Please Oppose HB304/SB320 – “The Billboard Bill”

HB 304/SB 320 is the third attempt in as many years by the billboard industry to make sweeping changes to the current rules for outdoor advertising uses (billboards). This legislation limits the state’s ability to regulate billboards, requires taxpayers to pay more for removal of an existing billboard, binds the General Assembly to preservation of billboards, and allows the conversion of over 5,000 billboards to new digital signs statewide. The proposed legislation is opposed by the League of Municipalities, the NC Planning Association, the NC Sierra Club, and Scenic North Carolina. It is also strongly opposed by 68% of NC voters surveyed by Scenic North Carolina in early April, 2015. We ask that legislators protect the scenic beauty of North Carolina, protect local authority to determine community appearance, and protect our tax payers from increased costs. KEY FEATURES OF THE LEGISLATION 1. Billboards Gain Unprecedented Authority to Remain and Relocate The bill includes new policy language that requires the General Assembly to preserve and foster outdoor advertising. The NCDOT could no longer deny a billboard permit application because it does not comply with local development regulations, nor could it deny a permit for a billboard proposed outside a commercial or industrial area (under the bill’s proposed “customary use” doctrine). Neither the NCDOT nor a local government could deny the ability of an existing billboard to relocate to a more visible area in the same city or county, even if the proposed location has significant tree cover. NCDOT would be required to decide all new billboard permit applications within 30 days, or they are automatically approved. 2. More Intensive Advertising...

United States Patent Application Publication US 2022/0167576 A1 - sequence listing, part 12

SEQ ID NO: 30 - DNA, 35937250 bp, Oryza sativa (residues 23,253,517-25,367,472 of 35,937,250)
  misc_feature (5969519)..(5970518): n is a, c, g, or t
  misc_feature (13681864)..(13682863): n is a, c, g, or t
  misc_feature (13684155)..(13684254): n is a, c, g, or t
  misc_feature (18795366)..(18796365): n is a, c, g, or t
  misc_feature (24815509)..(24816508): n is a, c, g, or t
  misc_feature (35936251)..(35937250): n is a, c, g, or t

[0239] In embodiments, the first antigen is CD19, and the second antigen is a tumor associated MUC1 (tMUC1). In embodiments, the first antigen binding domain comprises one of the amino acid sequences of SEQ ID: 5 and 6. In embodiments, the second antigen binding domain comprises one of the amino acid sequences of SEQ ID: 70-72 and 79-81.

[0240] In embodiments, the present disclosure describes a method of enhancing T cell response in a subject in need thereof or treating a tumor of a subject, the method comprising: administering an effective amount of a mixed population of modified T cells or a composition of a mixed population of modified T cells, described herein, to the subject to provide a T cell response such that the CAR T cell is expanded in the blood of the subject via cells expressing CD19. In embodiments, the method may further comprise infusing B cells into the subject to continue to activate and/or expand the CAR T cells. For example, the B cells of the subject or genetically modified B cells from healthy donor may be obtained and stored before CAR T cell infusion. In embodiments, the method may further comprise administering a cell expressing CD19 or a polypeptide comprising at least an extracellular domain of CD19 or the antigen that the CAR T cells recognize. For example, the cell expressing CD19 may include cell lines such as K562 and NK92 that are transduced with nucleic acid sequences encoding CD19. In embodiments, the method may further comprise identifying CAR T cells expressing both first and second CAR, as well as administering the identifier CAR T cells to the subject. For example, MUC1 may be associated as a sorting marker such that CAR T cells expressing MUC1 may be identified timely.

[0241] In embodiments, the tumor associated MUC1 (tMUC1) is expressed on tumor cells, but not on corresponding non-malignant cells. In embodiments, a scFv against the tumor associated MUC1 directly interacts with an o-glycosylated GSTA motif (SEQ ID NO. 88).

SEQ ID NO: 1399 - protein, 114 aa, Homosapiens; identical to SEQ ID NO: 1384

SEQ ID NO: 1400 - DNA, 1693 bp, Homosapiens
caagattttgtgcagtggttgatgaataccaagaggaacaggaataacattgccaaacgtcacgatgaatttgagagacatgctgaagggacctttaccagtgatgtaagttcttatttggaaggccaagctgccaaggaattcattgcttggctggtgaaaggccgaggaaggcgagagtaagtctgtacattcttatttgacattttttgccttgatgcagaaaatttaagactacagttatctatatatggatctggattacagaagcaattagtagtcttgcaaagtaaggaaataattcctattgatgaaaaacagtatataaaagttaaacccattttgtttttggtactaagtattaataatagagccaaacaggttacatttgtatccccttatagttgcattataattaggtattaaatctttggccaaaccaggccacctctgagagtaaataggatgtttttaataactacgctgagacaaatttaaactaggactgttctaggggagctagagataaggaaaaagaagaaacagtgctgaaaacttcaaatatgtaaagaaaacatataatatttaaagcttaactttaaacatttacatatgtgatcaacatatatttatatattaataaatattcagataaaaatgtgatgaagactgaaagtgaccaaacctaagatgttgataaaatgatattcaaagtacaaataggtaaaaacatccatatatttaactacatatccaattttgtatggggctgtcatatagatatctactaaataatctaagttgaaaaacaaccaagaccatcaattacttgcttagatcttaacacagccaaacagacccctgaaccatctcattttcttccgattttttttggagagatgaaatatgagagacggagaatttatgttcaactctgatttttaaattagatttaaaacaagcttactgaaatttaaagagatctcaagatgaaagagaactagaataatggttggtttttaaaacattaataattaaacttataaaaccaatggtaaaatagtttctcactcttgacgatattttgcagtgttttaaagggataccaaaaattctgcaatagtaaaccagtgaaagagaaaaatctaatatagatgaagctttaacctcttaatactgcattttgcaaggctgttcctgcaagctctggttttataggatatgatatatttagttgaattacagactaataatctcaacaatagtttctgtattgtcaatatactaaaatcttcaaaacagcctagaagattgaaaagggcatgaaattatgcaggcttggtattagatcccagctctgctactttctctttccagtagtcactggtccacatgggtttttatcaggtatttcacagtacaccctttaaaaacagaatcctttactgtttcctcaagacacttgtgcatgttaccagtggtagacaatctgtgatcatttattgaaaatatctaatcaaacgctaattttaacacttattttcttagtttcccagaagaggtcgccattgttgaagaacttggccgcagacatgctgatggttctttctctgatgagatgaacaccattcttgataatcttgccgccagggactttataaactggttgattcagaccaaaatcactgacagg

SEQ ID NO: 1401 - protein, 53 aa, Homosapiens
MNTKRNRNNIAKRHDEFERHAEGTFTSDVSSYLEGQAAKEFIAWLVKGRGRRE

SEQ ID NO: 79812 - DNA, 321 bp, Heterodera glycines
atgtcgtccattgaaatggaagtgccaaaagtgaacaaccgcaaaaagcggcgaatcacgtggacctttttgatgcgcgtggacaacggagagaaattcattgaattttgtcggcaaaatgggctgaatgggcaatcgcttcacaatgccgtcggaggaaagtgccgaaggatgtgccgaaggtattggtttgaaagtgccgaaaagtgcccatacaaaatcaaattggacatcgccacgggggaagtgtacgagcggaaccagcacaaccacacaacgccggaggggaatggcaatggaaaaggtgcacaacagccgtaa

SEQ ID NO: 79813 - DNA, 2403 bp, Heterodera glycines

Contacting Your Representatives

Written by Chad Meadows January 14 is the opening day of the 2015 Legislative Session. Hopefully, 2015 will be a better year for land use planning in North Carolina. Rest assured the Legislative Committee will be keeping a close eye on the Legislature and keeping the chapter membership informed about pending legislation and advocating for sound planning practices across the state – but we can’t do it alone. This year, as in years past, we may call on you and other planners to make contact with your representatives in the Legislature and ask them to consider how proposed legislation may affect our ability to plan for the citizens of our state. There is nothing more powerful to a state representative than correspondence or communication from a constituent – particularly an informed constituent. While the Legislative Committee works on bills from a statewide perspective, representatives especially want to hear from folks who live or work in their district. Local planners play a key role in our advocacy efforts by contacting their representatives directly through letter, email, phone, and even face-to-face visits to express support or disapproval for specific legislation. This outreach is most effective when it is backed by compelling information, local examples of impacts, and well-reasoned conclusions (all trademarks of planners). The Legislative Committee would like to call on you for assistance towards our common goals by reaching out to your representatives when needed. You can check the legislative tab of the APA-NC webpage to find tools on finding out who your representatives are and how to contact them. We also attach the following suggestions for effective outreach and...

Assembly Line